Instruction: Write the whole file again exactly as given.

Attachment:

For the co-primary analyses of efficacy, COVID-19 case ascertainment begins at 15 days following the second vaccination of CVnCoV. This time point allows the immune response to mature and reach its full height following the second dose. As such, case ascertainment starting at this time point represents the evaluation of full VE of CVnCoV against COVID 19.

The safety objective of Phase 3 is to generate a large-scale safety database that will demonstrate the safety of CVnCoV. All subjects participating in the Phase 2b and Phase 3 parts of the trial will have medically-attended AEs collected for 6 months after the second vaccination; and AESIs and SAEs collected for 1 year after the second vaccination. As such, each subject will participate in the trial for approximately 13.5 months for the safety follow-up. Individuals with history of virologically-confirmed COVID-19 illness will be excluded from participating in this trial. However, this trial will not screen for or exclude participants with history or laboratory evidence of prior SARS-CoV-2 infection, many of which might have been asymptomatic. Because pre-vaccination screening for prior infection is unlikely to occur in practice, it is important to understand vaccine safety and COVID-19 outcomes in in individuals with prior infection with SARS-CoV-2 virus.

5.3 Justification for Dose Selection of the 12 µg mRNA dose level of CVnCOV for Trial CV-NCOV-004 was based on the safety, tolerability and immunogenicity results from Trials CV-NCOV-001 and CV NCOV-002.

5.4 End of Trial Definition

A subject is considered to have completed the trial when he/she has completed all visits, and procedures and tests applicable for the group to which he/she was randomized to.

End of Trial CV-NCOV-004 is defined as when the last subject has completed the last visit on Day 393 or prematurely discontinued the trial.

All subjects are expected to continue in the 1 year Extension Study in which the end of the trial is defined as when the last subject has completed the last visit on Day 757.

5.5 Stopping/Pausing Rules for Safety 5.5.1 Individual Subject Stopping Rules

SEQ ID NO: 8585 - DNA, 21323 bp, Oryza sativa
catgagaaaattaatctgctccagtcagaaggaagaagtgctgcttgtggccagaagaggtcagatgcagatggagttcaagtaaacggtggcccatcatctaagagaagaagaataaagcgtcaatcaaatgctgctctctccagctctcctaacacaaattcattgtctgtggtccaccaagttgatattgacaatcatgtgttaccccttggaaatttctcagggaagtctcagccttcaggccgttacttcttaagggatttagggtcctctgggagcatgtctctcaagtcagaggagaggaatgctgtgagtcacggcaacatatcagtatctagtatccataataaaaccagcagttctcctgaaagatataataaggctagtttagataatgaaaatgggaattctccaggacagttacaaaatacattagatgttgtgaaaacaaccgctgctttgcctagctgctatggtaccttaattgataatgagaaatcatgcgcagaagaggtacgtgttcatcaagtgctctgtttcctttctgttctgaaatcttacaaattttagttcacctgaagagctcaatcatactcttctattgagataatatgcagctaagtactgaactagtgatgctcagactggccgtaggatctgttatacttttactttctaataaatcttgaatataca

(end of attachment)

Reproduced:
For the co-primary analyses of efficacy, COVID-19 case ascertainment begins at 15 days following the second vaccination of CVnCoV. This time point allows the immune response to mature and reach its full height following the second dose. As such, case ascertainment starting at this time point represents the evaluation of full VE of CVnCoV against COVID 19.

The safety objective of Phase 3 is to generate a large-scale safety database that will demonstrate the safety of CVnCoV. All subjects participating in the Phase 2b and Phase 3 parts of the trial will have medically-attended AEs collected for 6 months after the second vaccination; and AESIs and SAEs collected for 1 year after the second vaccination. As such, each subject will participate in the trial for approximately 13.5 months for the safety follow-up. Individuals with history of virologically-confirmed COVID-19 illness will be excluded from participating in this trial. However, this trial will not screen for or exclude participants with history or laboratory evidence of prior SARS-CoV-2 infection, many of which might have been asymptomatic. Because pre-vaccination screening for prior infection is unlikely to occur in practice, it is important to understand vaccine safety and COVID-19 outcomes in in individuals with prior infection with SARS-CoV-2 virus.

5.3 Justification for Dose Selection of the 12 µg mRNA dose level of CVnCOV for Trial CV-NCOV-004 was based on the safety, tolerability and immunogenicity results from Trials CV-NCOV-001 and CV NCOV-002.

5.4 End of Trial Definition

A subject is considered to have completed the trial when he/she has completed all visits, and procedures and tests applicable for the group to which he/she was randomized to.

End of Trial CV-NCOV-004 is defined as when the last subject has completed the last visit on Day 393 or prematurely discontinued the trial.

All subjects are expected to continue in the 1 year Extension Study in which the end of the trial is defined as when the last subject has completed the last visit on Day 757.

5.5 Stopping/Pausing Rules for Safety 5.5.1 Individual Subject Stopping Rules

SEQ ID NO: 8585 - DNA, 21323 bp, Oryza sativa
catgagaaaattaatctgctccagtcagaaggaagaagtgctgcttgtggccagaagaggtcagatgcagatggagttcaagtaaacggtggcccatcatctaagagaagaagaataaagcgtcaatcaaatgctgctctctccagctctcctaacacaaattcattgtctgtggtccaccaagttgatattgacaatcatgtgttaccccttggaaatttctcagggaagtctcagccttcaggccgttacttcttaagggatttagggtcctctgggagcatgtctctcaagtcagaggagaggaatgctgtgagtcacggcaacatatcagtatctagtatccataataaaaccagcagttctcctgaaagatataataaggctagtttagataatgaaaatgggaattctccaggacagttacaaaatacattagatgttgtgaaaacaaccgctgctttgcctagctgctatggtaccttaattgataatgagaaatcatgcgcagaagaggtacgtgttcatcaagtgctctgtttcctttctgttctgaaatcttacaaattttagttcacctgaagagctcaatcatactcttctattgagataatatgcagctaagtactgaactagtgatgctcagactggccgtaggatctgttatacttttactttctaataaatcttgaatataca